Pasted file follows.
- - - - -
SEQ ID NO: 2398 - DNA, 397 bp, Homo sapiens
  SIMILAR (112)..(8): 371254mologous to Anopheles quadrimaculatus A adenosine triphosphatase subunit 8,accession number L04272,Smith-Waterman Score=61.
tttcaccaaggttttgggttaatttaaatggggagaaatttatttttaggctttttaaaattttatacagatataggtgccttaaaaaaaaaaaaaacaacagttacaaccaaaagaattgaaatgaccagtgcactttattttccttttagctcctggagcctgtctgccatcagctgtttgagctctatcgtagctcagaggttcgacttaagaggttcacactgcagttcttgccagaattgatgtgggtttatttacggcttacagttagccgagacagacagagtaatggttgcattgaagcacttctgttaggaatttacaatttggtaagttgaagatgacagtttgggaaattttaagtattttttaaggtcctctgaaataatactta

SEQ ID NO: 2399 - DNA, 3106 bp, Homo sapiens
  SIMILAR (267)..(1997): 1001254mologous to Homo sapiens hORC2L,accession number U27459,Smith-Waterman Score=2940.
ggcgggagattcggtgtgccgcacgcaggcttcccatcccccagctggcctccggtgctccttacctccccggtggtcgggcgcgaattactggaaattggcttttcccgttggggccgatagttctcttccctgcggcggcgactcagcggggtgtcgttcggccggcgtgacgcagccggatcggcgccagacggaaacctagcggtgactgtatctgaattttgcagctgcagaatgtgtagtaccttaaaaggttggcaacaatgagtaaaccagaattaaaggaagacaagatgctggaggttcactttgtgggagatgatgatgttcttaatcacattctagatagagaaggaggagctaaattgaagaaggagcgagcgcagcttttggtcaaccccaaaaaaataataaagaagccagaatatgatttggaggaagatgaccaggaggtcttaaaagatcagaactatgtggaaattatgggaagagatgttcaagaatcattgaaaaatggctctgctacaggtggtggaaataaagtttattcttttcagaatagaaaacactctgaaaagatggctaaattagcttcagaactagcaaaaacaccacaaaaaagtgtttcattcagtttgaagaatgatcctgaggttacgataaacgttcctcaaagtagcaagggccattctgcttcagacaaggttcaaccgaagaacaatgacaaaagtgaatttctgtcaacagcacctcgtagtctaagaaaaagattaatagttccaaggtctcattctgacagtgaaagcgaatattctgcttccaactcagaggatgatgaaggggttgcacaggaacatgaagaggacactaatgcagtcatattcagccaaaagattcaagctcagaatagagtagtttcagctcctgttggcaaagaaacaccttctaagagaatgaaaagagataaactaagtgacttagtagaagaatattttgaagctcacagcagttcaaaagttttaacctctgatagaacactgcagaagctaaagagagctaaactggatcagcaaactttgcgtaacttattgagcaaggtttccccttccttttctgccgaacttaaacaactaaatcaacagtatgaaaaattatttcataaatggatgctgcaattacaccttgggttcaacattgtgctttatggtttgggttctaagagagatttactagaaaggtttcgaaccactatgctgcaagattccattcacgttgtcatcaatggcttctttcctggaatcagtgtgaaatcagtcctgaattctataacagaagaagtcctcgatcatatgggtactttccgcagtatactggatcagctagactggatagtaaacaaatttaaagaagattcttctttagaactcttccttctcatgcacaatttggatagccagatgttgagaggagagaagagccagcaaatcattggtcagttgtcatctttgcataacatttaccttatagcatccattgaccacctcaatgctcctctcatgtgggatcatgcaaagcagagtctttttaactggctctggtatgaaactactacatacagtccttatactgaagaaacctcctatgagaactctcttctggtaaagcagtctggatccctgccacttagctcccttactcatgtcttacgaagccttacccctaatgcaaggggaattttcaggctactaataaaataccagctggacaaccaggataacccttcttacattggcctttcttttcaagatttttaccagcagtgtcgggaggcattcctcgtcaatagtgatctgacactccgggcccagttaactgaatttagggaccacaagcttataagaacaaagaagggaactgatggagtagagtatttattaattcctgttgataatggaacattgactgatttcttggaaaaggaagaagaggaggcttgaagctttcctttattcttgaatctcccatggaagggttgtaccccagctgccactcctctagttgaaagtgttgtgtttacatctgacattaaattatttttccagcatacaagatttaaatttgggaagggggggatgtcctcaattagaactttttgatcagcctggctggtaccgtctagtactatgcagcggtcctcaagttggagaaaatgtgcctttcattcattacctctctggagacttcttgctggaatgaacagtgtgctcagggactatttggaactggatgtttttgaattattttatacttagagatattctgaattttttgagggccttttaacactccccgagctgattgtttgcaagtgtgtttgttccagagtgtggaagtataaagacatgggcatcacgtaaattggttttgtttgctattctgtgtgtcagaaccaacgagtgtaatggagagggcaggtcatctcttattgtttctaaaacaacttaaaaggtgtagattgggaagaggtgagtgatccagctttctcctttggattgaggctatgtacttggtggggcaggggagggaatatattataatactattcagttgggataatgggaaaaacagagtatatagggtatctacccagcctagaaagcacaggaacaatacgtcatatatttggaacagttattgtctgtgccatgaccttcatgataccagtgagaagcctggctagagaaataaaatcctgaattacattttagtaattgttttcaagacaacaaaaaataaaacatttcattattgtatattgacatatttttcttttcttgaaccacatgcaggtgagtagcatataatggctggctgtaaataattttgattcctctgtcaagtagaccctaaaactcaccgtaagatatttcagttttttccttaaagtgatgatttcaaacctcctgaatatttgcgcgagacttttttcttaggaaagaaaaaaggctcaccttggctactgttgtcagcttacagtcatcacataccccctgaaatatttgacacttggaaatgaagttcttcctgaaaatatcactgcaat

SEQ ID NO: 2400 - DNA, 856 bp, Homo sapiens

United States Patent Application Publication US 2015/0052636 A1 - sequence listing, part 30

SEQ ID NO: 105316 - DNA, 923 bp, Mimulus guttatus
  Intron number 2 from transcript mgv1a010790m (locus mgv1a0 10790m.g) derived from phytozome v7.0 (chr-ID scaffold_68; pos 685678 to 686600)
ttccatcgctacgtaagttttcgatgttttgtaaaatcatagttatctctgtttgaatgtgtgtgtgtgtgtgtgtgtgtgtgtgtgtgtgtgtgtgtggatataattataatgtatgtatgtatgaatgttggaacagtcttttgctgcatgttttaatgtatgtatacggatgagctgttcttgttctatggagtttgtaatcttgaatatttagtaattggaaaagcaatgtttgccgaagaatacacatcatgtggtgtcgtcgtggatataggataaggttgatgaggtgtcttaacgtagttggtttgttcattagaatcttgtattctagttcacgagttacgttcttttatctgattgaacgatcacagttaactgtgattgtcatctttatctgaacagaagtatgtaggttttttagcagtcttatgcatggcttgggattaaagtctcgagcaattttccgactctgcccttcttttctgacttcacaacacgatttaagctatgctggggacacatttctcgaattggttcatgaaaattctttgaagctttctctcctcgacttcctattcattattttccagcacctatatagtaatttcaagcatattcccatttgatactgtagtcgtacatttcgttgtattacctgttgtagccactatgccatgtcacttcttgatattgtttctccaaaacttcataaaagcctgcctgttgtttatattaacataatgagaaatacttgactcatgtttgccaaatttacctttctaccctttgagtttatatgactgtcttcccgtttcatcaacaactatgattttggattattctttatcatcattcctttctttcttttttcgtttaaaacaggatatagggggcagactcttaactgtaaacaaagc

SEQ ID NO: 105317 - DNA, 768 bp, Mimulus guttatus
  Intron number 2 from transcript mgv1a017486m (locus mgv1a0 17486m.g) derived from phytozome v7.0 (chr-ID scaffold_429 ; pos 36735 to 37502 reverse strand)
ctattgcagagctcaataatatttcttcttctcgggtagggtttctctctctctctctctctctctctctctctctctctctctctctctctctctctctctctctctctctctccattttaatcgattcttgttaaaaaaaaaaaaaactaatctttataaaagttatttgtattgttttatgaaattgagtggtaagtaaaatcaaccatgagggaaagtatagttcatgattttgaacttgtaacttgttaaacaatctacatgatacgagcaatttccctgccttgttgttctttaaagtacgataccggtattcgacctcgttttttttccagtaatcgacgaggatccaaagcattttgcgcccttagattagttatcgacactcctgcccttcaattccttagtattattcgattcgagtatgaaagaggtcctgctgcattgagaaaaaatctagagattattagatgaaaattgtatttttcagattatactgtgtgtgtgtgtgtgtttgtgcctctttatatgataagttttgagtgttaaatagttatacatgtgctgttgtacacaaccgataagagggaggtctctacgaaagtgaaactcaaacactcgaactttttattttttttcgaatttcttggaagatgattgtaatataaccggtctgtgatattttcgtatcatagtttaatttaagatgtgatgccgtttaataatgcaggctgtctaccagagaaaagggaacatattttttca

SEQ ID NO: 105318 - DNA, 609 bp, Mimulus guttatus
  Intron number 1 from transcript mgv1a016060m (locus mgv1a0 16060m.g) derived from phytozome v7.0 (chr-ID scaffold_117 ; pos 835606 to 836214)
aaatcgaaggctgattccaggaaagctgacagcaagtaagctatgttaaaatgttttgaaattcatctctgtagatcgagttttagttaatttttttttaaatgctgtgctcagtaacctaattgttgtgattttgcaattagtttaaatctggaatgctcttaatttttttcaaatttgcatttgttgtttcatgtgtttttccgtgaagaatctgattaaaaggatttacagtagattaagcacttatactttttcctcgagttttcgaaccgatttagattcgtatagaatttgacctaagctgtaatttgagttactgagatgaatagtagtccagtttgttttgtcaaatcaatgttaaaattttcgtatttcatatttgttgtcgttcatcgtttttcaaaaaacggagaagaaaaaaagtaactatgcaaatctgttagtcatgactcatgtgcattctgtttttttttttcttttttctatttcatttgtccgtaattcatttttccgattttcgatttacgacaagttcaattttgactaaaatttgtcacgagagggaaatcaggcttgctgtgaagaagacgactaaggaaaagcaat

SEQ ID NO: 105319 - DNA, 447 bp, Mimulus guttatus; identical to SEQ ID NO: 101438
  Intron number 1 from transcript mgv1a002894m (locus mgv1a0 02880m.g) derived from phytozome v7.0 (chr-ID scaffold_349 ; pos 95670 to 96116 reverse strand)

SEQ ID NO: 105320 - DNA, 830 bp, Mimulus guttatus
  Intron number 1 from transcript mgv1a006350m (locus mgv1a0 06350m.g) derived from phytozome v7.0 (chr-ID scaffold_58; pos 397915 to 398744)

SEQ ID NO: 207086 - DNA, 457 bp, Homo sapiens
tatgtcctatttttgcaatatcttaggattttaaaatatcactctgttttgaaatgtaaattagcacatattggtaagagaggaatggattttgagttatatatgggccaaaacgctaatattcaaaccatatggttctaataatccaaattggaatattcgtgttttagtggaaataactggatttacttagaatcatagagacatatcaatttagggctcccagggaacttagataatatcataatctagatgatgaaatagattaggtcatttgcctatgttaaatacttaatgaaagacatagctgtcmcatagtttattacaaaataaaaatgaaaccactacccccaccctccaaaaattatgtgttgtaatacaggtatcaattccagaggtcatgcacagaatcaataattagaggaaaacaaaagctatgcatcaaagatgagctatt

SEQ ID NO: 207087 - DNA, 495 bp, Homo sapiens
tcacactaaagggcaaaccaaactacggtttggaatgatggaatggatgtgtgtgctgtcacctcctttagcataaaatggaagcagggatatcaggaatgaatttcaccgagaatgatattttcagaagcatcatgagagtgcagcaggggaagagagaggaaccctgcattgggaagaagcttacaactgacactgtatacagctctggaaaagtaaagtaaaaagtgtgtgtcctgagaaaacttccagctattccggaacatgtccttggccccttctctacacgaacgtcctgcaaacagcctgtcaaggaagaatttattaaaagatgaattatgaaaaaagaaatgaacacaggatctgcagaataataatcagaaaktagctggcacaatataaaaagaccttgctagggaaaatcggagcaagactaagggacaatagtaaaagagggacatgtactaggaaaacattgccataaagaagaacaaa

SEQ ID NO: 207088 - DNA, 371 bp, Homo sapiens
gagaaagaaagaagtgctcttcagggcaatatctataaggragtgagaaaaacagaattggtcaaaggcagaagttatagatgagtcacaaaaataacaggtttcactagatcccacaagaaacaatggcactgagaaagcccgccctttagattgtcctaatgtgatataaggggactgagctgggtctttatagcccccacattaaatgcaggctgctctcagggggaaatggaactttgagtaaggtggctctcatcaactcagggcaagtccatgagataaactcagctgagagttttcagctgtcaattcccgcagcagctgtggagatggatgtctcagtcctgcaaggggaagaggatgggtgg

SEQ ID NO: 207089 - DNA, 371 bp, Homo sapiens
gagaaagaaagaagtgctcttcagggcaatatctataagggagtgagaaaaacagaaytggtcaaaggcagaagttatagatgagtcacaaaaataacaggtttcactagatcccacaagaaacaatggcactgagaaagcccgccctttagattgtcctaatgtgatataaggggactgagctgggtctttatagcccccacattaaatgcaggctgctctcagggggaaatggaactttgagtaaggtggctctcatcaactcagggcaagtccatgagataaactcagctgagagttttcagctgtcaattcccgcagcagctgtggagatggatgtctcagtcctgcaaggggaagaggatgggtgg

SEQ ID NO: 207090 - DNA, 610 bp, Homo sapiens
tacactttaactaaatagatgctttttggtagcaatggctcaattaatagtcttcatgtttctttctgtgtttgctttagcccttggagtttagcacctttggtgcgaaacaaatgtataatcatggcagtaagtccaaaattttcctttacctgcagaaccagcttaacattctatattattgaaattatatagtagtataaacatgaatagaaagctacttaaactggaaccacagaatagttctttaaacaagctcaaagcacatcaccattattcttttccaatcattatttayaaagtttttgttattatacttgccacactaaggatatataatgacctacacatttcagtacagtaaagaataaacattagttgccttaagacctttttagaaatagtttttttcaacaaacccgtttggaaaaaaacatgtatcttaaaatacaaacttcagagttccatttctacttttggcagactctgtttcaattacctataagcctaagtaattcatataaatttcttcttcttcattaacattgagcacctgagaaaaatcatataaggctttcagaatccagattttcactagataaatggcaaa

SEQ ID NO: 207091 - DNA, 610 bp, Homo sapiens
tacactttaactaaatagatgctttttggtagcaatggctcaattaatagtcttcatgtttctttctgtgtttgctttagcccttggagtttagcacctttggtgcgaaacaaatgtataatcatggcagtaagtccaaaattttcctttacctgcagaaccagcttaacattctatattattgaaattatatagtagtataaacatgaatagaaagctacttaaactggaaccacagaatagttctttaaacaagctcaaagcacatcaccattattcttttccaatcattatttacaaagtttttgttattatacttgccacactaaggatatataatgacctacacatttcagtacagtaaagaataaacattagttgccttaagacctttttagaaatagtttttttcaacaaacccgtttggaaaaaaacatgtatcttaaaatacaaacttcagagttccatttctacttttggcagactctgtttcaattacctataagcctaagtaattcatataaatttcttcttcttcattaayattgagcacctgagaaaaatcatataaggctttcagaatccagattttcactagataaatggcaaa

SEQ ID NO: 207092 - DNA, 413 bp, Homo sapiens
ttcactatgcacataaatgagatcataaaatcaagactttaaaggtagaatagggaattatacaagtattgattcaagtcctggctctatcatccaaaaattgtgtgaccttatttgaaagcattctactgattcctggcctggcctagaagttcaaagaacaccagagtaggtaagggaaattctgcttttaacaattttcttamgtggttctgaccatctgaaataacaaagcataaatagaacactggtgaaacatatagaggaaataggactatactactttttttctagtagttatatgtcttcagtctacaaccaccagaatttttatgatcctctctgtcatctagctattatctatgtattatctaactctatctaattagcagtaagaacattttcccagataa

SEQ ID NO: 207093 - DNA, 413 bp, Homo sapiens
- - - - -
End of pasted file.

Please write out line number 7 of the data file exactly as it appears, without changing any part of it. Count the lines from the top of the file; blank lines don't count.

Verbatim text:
SEQ ID NO: 2400 - DNA, 856 bp, Homo sapiens